According to Canadian tax records, Salida Capital received in 2010 an anonymous donation of $3.3 million into their charitable foundation (Salida Capital Foundation), which allowed the tiny firm to make the dramatic announcement that it would contribute millions to the Clinton Foundation. In 2010 it donated $780,220 to the Clinton Foundation. This amounted to about 90 percent of all Salida’s charitable giving that year. It was part of a multimillion-dollar commitment that would send more than $2.6 million to the Clintons between 2010 and 2012.
This was precisely when Hillary had the Russian Uranium One acquisition under consideration. In 2011, Rosatom, the Russian state nuclear agency, identified Salida Capital as a wholly-owned subsidiary. Schweizer contacted Salida at its office in Toronto on three occasions to ask whether it is the same Salida Capital that is wholly owned by the Russian state nuclear agency. Salida refused to answer.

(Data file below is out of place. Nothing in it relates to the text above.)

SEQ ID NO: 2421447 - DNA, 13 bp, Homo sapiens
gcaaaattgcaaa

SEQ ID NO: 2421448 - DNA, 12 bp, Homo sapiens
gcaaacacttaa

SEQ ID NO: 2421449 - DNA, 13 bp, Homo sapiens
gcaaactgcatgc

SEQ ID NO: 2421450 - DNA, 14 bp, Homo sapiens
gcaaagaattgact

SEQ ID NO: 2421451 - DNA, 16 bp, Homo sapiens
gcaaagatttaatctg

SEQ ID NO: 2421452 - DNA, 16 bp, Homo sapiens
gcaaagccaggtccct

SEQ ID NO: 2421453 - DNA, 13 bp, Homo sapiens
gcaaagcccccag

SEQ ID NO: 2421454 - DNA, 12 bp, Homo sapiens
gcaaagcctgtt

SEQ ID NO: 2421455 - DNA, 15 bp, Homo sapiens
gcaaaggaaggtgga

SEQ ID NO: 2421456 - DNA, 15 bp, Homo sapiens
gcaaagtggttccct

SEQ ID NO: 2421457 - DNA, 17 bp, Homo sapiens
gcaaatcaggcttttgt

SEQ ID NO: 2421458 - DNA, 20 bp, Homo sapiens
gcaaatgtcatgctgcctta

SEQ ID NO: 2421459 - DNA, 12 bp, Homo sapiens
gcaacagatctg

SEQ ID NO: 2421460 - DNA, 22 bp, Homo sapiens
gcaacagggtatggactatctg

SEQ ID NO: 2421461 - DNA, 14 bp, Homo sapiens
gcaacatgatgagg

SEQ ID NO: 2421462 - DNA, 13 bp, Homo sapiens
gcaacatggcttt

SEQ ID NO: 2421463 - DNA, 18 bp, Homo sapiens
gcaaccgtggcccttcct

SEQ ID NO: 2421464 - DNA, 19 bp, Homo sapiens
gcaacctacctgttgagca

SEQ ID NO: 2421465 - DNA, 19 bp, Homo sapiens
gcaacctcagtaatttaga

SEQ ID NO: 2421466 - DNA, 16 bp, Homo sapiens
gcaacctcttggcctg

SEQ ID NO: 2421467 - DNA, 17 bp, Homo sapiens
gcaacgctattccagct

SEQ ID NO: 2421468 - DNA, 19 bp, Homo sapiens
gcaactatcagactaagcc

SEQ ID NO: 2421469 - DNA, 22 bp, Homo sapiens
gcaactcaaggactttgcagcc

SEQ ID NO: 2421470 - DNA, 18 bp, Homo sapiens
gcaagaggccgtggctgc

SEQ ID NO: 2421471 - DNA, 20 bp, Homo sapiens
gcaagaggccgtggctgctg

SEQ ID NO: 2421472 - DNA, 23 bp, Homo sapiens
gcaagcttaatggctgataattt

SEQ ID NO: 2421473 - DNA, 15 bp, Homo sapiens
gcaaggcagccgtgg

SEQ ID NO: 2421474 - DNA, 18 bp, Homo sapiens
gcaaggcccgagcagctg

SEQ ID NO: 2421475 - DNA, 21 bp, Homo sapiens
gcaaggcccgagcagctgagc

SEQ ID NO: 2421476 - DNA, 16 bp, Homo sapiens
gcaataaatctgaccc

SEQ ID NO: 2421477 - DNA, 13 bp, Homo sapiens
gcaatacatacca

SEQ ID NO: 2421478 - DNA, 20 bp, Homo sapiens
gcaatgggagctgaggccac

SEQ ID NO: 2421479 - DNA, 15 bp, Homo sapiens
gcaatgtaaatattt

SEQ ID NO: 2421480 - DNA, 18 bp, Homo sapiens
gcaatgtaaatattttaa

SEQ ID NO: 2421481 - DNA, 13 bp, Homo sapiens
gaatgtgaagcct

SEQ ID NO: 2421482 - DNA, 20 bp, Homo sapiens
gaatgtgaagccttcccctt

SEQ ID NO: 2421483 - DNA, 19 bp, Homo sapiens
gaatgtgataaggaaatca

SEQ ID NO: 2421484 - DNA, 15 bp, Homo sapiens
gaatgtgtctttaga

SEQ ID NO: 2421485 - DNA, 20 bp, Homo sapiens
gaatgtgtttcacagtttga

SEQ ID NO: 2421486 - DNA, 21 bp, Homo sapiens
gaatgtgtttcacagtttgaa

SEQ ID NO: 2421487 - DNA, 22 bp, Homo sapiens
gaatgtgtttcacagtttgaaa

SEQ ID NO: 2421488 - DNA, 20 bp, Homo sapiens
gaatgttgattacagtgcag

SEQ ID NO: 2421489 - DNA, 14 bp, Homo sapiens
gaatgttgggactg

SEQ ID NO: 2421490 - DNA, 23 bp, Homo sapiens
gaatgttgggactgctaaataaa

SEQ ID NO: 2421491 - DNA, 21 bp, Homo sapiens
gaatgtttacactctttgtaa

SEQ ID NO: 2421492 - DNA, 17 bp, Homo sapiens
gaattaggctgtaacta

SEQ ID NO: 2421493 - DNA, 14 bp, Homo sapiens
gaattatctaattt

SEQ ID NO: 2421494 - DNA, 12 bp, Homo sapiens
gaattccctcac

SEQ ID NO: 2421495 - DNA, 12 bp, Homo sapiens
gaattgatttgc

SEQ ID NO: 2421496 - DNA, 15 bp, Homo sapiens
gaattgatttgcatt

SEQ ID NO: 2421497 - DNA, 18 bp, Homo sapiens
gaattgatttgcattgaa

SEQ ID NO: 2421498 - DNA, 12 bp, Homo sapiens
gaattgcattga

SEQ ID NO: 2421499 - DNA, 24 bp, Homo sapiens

So Hillary was simply lying when she said “the timing doesn’t work” because contributions related to Uranium One were “before I was secretary of state.”
Clinton Cash is not only about corruption related to the Clinton Foundation. Schweizer also delves into Bill Clinton’s incredibly lucrative speaking engagements, the price of which skyrocketed after Hillary became Secretary of State. This, too, figures in the Uranium One story:
In June, shortly after the Rosatom [Uranium One] deal was announced, Bill was in Moscow for a particularly well-compensated speech. He was paid $500,000 to deliver remarks at an event organized by a firm called Renaissance Capital (RenCap). Bill had not given a speech in Russia in over five years and then it had been for a British firm, Adam Smith International. His pay for that speech was only $195,000.
RenCap, which is registered in Cyprus, is populated by former Russian intelligence officers with close ties to Putin.